Jess Phillips set to enter Labour leader contest after waking up with fire in my belly


JESS Phillips is set to throw her hat in the ring to be Labour leader after waking up with fire” in her “belly.

Ms Phillips is a favourite to replace Jeremy Corbyn and will confirm her bid this evening.

Jess Phillips is set to throw her hat in the ring to be Labour leader after waking up with fire in her belly


The Birmingham Yardley MP hinted she was putting herself forward after tweeting on New Years Day: Happy New Year everyone I’ve woken up with an absolute cob on about the people who get to make decisions about our lives.

2020 starts with fire in my belly and I promise that won’t change.

After Mr Corbyn’s calamitous election she vowed to rebuild the party if members trusted her – adding that Labour was “never just about” about the leftie boss.

Hours after the election result, she said: “If people trust me, then yes I will take a role in rebuilding.”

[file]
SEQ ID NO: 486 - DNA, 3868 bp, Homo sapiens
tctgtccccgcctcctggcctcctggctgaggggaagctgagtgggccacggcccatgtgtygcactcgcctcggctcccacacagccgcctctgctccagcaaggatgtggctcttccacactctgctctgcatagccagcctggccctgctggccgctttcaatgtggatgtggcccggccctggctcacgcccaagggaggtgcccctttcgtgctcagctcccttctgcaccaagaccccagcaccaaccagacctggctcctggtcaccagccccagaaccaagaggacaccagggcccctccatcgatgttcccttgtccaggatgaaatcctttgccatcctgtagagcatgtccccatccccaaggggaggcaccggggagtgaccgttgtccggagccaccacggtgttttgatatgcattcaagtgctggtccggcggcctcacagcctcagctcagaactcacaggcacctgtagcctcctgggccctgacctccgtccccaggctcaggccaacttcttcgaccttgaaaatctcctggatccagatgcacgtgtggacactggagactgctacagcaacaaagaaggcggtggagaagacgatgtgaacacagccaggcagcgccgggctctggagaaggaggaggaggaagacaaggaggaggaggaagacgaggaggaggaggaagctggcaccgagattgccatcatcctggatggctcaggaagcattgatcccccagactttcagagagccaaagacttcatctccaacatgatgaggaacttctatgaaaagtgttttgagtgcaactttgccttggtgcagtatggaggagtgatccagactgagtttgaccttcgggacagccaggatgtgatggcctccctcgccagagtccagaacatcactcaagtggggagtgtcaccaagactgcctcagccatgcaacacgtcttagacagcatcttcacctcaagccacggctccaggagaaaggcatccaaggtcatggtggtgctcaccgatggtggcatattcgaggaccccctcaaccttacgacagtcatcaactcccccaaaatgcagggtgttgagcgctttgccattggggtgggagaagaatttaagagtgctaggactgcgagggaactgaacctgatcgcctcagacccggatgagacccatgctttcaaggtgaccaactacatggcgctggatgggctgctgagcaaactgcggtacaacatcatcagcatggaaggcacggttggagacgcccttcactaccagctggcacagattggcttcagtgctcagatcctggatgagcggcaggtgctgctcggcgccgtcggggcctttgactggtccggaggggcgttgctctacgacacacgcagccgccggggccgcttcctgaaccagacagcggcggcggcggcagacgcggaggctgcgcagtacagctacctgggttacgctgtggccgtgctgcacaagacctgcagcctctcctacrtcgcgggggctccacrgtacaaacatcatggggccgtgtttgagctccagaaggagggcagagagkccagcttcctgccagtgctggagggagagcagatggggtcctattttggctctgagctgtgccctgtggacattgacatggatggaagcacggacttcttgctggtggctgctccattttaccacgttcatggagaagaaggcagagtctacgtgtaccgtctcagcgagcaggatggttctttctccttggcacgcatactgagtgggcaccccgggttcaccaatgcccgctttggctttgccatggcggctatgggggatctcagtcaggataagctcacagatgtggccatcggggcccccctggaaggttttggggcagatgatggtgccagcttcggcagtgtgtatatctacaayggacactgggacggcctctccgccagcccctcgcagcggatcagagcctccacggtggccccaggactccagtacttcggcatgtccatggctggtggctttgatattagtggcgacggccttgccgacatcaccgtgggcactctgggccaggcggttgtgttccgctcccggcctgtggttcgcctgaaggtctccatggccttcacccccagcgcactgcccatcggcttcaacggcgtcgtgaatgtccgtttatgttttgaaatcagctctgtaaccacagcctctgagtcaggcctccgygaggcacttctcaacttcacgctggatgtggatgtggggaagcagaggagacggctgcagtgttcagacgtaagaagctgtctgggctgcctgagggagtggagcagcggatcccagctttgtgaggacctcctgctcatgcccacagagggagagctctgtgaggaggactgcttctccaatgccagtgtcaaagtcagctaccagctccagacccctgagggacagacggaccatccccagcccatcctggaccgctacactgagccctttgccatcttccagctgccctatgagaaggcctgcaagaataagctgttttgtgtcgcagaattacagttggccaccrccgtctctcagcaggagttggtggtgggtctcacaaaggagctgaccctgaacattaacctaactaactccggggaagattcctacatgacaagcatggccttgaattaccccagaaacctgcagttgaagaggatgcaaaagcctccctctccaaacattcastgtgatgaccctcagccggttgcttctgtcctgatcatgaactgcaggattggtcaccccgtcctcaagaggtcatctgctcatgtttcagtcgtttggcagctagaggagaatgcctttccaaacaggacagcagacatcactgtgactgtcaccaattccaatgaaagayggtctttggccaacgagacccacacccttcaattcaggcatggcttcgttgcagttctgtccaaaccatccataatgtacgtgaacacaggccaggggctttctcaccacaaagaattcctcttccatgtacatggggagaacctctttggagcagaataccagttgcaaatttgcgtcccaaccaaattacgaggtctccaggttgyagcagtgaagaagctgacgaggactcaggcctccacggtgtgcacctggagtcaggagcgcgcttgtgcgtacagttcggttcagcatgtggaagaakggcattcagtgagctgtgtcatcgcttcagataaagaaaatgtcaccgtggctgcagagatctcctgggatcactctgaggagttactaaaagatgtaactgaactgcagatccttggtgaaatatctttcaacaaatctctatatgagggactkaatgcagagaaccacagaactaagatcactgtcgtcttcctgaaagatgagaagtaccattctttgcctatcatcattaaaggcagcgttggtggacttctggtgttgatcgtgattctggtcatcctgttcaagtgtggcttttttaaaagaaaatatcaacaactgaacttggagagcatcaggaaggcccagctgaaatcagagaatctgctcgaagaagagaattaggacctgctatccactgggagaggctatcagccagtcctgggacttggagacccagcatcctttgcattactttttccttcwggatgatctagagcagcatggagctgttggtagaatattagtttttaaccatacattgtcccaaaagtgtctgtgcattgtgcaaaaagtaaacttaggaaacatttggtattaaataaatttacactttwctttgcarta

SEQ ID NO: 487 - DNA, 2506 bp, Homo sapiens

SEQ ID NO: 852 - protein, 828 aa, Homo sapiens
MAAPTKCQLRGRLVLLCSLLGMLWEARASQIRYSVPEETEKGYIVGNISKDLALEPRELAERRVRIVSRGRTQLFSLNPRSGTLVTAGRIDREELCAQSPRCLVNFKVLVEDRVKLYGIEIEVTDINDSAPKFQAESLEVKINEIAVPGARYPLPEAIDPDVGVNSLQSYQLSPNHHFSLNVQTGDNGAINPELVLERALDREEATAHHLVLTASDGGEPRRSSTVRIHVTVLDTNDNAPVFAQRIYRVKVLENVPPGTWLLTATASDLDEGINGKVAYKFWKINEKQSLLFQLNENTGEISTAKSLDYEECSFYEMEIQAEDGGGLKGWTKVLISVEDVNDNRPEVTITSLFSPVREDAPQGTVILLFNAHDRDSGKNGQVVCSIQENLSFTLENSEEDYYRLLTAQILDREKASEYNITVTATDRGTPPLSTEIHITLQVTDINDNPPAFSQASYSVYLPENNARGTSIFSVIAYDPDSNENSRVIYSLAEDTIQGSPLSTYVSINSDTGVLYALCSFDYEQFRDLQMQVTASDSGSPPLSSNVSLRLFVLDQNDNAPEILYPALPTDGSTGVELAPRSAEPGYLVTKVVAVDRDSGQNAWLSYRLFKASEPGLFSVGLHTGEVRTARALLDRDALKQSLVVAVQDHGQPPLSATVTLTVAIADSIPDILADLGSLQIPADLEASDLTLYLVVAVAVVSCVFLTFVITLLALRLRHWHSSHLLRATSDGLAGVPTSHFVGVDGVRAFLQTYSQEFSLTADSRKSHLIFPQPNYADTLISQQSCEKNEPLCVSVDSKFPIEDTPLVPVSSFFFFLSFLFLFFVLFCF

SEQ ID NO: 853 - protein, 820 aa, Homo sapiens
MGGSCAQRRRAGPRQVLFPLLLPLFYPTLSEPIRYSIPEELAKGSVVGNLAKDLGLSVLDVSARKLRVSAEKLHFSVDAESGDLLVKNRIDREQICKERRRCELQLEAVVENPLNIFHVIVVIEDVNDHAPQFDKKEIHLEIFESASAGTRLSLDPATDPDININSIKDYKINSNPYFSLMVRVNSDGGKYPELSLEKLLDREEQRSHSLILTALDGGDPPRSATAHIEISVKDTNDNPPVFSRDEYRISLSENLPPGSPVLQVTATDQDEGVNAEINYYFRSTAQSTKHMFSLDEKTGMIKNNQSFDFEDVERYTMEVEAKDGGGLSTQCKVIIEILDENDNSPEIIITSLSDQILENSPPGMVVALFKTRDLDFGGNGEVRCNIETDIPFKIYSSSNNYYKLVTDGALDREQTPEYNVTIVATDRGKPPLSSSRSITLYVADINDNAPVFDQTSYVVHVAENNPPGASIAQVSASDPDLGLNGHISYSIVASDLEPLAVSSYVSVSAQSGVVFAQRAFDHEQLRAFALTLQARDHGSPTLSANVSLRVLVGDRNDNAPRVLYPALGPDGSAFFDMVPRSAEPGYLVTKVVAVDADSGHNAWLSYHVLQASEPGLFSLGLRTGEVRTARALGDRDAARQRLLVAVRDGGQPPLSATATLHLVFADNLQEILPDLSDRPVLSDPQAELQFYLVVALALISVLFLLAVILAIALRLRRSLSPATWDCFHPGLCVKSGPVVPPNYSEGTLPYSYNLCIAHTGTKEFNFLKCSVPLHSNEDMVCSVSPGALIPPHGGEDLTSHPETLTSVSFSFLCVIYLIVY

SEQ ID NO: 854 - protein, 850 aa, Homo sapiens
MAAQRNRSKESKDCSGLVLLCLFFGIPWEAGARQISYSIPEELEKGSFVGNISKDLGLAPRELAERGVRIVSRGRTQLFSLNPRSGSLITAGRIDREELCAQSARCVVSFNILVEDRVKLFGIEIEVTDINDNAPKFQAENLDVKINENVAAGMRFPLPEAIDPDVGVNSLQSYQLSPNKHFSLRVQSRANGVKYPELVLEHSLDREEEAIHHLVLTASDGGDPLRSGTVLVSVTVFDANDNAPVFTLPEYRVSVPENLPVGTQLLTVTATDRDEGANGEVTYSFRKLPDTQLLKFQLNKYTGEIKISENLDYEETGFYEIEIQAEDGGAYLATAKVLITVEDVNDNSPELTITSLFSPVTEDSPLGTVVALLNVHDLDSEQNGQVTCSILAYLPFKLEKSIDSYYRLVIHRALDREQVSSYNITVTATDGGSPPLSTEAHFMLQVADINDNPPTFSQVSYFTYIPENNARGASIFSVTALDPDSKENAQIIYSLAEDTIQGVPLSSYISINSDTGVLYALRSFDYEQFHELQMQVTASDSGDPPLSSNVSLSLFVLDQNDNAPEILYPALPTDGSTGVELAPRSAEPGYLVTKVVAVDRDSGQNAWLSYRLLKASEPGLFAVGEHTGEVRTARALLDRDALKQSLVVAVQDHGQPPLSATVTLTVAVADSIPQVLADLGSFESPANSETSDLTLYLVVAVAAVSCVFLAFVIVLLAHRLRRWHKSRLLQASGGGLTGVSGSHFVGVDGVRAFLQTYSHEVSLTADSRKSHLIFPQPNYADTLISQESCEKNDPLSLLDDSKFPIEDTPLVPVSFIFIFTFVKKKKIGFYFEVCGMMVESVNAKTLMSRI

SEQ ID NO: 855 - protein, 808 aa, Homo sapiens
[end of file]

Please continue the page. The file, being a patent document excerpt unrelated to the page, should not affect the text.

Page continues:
The outspoken frontbencher will join shadow foreign secretary Emily Thornberry and shadow treasury minister Clive Lewis as those to have formally declared their bids.

Others are also expected to announce their intentions soon, with shadow Brexit secretary Sir Keir Starmer, close Corbyn ally Rebecca Long-Bailey and Wigan MP Lisa Nandy considering challenges.


Ms Phillips, who supported victims of domestic abuse for Women’s Aid before entering Parliament in 2015, would appear to be a relatively popular choice with the Labour members who will help select the leader.

She came third in a YouGov survey of the membership behind both Sir Keir and shadow business secretary Ms Long-Bailey.

Sir Keir would beat Ms Long-Bailey, who is the favoured candidate of key figures in the current leadership, in a run-off 61% to 39%, according to the early survey.

But the other candidates will be hoping to boost their profiles with the race not expected to formally get under way until Tuesday and a new leader not expected until the end of March.

Labour’s disastrous election performance that helped Boris Johnson’s Tories win an 80-strong majority has been the subject of an intense post-mortem examination.

The party’s Brexit position, Mr Corbyn’s unpopularity and his ambitious left-wing programme have all been the subject of scrutiny.